In the United States, mass raids on consumer temples are on the rise. Even the California Retail Association talks about “domestic terrorism.”
Washington France Press agency | About 80 masked people break into a luxury store, loot the luxury section, and then escape minutes later in 25 cars. Sudden mob attacks, like the one in the town of Walnut Creek, California, have put retailers and police across the United States on alert as the holiday shopping season begins.
Brazen robberies are becoming more frequent, especially in San Francisco and the surrounding area as well as in the Chicago area. The day before the attack on the Nordstrom store in Walnut Creek last Saturday, 40 people simultaneously attacked the branch of French luxury brand Louis Vuitton in Union Square in San Francisco, quickly clearing shelves and driving off in their cars.
In Chicago, three Louis Vuitton stores were the target of mob attacks. In the suburb of Oak Brook, a gang of 14 members stole goods worth more than $100,000 (89,000 euros).
Retailers across the country fear imitators and are taking safety precautions. “The current level of organized retail theft is simply unacceptable,” California Governor Gavin Newsom said. “Businesses and customers should feel safe about their Christmas shopping.”
Friday, the day after Thanksgiving, typically marks the beginning of the hectic Christmas shopping season in the United States. The governor had already assigned a special unit from the California Highway Patrol to work with local authorities to combat mass thefts.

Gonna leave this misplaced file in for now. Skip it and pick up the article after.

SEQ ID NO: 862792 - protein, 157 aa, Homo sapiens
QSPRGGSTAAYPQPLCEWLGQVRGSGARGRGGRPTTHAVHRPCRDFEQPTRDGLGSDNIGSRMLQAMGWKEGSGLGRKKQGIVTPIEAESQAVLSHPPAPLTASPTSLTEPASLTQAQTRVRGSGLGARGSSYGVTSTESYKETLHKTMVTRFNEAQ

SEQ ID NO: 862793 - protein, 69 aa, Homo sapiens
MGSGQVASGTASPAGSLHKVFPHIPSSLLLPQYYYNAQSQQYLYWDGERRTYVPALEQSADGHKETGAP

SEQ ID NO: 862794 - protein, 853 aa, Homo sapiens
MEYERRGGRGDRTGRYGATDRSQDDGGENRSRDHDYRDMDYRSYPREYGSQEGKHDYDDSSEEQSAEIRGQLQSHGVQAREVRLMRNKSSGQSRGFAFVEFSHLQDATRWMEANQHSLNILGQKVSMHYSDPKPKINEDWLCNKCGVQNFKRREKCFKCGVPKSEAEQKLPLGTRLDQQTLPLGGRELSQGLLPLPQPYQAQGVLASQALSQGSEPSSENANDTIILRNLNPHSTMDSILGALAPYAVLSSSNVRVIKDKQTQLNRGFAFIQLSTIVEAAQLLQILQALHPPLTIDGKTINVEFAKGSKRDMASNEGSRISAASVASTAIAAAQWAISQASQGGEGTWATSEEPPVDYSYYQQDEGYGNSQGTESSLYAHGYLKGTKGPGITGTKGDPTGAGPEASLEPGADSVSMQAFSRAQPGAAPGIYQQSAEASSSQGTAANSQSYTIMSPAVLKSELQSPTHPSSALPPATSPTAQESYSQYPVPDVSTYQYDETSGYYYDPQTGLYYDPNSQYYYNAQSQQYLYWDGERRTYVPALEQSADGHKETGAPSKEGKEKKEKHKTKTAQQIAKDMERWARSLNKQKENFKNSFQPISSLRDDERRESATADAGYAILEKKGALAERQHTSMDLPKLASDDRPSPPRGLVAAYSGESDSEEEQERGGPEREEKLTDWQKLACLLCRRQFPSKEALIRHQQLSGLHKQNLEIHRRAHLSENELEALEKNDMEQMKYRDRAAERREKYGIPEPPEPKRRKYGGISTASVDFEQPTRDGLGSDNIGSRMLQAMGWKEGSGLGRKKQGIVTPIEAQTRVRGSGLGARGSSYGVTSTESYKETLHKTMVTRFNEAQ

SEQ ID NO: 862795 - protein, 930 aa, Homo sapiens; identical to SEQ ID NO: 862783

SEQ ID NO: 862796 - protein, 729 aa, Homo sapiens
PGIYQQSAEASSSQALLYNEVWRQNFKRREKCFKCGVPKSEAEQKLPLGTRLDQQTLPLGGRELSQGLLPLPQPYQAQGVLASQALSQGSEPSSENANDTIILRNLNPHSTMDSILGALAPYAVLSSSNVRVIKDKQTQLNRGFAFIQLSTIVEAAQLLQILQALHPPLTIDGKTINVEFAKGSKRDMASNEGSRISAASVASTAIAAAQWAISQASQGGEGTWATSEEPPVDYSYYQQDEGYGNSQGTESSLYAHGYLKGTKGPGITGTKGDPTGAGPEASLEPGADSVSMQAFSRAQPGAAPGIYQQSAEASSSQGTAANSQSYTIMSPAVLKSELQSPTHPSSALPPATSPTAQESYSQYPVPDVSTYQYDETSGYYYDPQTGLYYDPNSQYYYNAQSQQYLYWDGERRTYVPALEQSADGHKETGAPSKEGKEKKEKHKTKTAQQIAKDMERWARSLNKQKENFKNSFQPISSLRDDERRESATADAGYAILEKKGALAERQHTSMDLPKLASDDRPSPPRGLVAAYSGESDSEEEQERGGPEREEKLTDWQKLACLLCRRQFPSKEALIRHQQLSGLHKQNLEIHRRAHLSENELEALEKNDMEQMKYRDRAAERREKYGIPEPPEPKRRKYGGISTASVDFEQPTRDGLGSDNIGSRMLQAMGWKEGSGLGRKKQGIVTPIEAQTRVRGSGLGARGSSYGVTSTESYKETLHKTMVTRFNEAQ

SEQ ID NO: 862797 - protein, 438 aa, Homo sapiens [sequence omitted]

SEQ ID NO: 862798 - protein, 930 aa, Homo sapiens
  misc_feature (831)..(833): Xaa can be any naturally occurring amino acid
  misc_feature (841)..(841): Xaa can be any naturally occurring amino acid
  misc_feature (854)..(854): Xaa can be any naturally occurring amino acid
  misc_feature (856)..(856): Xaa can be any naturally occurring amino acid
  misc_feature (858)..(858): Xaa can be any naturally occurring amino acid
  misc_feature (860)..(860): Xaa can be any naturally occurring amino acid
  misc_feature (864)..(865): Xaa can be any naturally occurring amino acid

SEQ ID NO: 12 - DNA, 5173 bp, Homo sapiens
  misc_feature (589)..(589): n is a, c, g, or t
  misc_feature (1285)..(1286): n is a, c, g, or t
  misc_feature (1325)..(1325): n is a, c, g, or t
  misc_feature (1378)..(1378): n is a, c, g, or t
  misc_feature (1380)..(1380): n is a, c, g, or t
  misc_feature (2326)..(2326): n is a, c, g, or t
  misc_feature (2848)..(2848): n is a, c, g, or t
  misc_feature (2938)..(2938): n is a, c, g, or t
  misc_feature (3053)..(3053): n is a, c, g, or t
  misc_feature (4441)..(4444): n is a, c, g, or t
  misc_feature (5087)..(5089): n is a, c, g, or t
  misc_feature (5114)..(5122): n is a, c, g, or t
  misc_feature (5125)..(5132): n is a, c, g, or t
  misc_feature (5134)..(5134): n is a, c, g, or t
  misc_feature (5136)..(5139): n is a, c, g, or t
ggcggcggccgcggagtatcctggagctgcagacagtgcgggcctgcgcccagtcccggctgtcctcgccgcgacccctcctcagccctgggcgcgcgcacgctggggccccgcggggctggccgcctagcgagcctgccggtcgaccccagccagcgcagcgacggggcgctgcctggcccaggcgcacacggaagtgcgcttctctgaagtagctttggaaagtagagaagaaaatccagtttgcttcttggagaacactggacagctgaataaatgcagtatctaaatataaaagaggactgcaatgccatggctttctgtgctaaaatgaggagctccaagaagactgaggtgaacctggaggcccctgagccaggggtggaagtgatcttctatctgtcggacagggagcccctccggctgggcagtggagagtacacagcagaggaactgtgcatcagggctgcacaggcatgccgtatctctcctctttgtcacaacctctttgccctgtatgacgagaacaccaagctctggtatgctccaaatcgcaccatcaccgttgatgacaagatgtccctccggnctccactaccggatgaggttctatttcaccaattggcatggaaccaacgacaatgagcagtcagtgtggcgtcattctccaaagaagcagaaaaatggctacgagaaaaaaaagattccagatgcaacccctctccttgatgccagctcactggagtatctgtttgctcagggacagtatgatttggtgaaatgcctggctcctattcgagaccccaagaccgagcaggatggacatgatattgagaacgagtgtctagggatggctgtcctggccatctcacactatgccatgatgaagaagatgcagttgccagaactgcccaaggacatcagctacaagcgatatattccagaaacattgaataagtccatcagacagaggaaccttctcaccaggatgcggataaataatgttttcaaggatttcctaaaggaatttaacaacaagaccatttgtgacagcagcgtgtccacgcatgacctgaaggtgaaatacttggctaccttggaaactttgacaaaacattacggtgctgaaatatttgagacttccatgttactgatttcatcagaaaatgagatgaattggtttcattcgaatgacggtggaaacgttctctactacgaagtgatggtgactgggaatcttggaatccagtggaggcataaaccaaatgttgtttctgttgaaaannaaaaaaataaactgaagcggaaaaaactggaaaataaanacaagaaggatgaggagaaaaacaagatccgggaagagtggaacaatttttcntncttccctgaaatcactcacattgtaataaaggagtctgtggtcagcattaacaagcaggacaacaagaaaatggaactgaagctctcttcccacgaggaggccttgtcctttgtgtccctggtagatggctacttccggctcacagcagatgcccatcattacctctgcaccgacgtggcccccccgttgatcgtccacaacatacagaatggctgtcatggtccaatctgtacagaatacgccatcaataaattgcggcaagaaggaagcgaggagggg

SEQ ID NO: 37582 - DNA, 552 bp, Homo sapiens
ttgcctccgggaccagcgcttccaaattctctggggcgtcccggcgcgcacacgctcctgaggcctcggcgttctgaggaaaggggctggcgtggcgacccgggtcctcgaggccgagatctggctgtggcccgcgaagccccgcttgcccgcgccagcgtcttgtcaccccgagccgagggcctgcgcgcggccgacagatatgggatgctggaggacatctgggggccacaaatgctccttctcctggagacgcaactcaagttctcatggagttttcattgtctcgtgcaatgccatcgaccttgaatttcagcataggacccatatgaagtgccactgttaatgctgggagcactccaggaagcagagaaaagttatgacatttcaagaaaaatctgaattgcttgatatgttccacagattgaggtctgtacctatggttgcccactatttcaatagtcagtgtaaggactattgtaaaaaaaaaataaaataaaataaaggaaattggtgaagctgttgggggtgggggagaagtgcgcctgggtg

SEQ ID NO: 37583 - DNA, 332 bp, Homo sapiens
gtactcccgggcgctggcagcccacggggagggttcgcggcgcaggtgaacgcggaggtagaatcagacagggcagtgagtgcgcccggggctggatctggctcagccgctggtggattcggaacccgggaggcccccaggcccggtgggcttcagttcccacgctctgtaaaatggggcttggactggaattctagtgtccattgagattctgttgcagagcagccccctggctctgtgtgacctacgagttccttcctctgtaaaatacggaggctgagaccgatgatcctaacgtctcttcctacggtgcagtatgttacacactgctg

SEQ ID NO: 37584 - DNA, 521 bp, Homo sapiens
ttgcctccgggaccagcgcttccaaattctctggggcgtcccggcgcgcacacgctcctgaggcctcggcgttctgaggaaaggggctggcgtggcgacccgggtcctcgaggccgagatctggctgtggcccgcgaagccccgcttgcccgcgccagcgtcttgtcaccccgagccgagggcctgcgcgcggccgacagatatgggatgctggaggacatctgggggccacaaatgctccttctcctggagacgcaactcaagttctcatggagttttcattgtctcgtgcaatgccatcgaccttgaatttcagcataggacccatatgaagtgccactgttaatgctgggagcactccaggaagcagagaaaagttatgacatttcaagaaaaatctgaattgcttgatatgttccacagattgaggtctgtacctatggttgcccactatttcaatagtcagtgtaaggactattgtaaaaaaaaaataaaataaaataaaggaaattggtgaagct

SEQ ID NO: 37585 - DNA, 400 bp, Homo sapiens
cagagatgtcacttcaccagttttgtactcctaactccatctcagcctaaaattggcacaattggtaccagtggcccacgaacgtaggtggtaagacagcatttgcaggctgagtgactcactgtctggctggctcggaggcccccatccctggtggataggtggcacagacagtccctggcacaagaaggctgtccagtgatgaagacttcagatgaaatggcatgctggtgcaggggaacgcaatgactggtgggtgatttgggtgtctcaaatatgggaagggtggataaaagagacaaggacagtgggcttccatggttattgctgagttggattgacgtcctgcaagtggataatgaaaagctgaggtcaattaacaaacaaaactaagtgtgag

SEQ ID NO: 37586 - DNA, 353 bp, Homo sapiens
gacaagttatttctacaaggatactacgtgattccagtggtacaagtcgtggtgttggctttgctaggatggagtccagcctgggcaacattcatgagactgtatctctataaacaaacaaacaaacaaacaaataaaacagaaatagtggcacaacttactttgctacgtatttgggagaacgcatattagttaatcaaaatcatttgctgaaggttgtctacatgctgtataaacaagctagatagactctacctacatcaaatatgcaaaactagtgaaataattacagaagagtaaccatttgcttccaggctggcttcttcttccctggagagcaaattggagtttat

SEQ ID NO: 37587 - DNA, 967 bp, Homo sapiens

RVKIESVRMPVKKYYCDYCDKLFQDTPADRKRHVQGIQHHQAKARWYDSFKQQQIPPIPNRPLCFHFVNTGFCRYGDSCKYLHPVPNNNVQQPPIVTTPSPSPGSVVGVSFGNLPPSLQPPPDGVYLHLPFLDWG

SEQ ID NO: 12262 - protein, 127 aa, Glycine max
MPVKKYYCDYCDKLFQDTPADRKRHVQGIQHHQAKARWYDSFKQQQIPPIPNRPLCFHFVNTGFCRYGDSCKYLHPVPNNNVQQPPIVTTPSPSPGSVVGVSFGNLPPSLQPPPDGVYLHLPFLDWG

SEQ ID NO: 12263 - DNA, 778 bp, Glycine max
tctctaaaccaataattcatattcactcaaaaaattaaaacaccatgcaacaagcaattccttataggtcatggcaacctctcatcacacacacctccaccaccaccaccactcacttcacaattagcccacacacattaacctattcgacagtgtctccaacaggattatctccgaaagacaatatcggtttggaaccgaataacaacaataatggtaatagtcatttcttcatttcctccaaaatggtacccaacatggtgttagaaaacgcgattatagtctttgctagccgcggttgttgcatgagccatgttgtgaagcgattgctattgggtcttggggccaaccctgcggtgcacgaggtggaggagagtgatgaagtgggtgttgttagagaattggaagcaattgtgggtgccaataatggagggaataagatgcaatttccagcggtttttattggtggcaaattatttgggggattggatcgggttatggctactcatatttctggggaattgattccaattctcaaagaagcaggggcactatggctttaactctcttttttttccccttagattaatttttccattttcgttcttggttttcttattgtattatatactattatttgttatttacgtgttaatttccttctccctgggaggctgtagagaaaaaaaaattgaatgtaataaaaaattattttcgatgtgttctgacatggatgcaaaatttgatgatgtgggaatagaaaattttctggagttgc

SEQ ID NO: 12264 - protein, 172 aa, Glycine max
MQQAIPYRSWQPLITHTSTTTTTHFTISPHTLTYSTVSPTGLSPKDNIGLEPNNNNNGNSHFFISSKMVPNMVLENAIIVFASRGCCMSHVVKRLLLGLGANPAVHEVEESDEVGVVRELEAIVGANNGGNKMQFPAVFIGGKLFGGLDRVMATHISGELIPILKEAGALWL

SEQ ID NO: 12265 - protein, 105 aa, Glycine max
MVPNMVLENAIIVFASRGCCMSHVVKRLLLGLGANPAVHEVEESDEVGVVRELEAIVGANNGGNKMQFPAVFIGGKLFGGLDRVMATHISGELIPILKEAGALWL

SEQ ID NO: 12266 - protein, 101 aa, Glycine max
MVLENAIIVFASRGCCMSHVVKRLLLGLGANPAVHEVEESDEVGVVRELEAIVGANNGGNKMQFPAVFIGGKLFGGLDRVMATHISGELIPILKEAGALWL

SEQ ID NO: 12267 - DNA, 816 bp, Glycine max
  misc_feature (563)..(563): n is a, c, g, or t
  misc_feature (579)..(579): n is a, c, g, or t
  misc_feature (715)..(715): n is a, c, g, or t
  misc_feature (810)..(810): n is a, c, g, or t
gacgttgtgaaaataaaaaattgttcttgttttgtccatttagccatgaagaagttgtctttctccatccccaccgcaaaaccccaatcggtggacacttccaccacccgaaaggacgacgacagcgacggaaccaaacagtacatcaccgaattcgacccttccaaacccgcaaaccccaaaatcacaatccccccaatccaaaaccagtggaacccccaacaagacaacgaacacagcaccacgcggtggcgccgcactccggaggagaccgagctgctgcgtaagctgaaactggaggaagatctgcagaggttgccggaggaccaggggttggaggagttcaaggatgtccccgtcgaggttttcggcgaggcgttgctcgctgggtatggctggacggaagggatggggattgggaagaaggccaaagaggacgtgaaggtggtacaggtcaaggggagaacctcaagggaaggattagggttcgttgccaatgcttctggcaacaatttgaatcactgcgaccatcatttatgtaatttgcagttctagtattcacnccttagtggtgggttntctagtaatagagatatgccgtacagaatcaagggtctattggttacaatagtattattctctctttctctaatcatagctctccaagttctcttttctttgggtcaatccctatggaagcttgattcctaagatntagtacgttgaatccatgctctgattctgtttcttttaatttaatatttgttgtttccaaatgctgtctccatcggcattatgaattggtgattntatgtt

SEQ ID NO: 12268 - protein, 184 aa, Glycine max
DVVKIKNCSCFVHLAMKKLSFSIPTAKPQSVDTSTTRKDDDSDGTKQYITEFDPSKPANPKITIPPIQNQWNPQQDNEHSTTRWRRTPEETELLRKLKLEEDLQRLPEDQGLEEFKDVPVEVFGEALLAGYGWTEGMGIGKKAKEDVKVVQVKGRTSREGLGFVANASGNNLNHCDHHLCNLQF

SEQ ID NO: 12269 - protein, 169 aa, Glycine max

So far, without success, mob attacks are increasing: In Hayward near San Francisco, more than 30 robbers looted a jewelry store. Surveillance camera footage in the nearby city of Auckland showed more than 30 masked men entering a clothing store, removing racks of clothes and disappearing again in less than a minute.
“This is bold, this is radical.”
Flash mob thefts, also known as Flash Robs, are not a new phenomenon. But this year it has increased significantly. Most of all, the scale and speed of the attack on the Nordstrom store in Walnut Creek surprised and frightened many. “I can’t even call it organized crime, it was domestic terrorism.” said Rachel Michelin, president of the California Retail AssociationFox40 TV station in Sacramento.
Jeffrey Ian Ross, a criminologist at the University of Baltimore, sees no signs of increased shoplifting across the country. However, he suspects that videos of flash robberies circulating online may have inspired others to copy them. “This is bold, this is radical,” he says.
It remains unclear whether there are links between the numerous mass thefts and how those involved communicate, coordinate and resell stolen goods. So far, only three of the approximately 80 people involved in the attack in Walnut Creek have been arrested. Nine people have been charged in connection with the looting that occurred in San Francisco’s Union Square.
Criminologist Ross fears that the predatory mob will never be fully disbanded. He adds that the number of murders and violent crimes in the United States has increased, and that the police have reached their limits. If dozens of people steal tons of goods, “the police will not be able to pursue them anymore.”
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